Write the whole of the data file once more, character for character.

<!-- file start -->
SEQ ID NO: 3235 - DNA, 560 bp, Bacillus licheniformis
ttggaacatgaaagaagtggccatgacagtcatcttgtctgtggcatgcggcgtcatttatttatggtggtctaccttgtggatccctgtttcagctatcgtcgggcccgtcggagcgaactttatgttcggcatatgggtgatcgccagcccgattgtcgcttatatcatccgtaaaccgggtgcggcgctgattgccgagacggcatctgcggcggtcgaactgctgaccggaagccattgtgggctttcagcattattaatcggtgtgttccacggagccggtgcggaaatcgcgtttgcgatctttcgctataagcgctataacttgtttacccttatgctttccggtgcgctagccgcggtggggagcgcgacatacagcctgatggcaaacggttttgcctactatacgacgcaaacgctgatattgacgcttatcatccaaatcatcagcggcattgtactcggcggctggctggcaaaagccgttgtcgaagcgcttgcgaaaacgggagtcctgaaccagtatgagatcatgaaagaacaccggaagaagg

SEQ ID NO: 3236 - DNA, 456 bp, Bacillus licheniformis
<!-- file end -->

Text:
SEQ ID NO: 3235 - DNA, 560 bp, Bacillus licheniformis
ttggaacatgaaagaagtggccatgacagtcatcttgtctgtggcatgcggcgtcatttatttatggtggtctaccttgtggatccctgtttcagctatcgtcgggcccgtcggagcgaactttatgttcggcatatgggtgatcgccagcccgattgtcgcttatatcatccgtaaaccgggtgcggcgctgattgccgagacggcatctgcggcggtcgaactgctgaccggaagccattgtgggctttcagcattattaatcggtgtgttccacggagccggtgcggaaatcgcgtttgcgatctttcgctataagcgctataacttgtttacccttatgctttccggtgcgctagccgcggtggggagcgcgacatacagcctgatggcaaacggttttgcctactatacgacgcaaacgctgatattgacgcttatcatccaaatcatcagcggcattgtactcggcggctggctggcaaaagccgttgtcgaagcgcttgcgaaaacgggagtcctgaaccagtatgagatcatgaaagaacaccggaagaagg

SEQ ID NO: 3236 - DNA, 456 bp, Bacillus licheniformis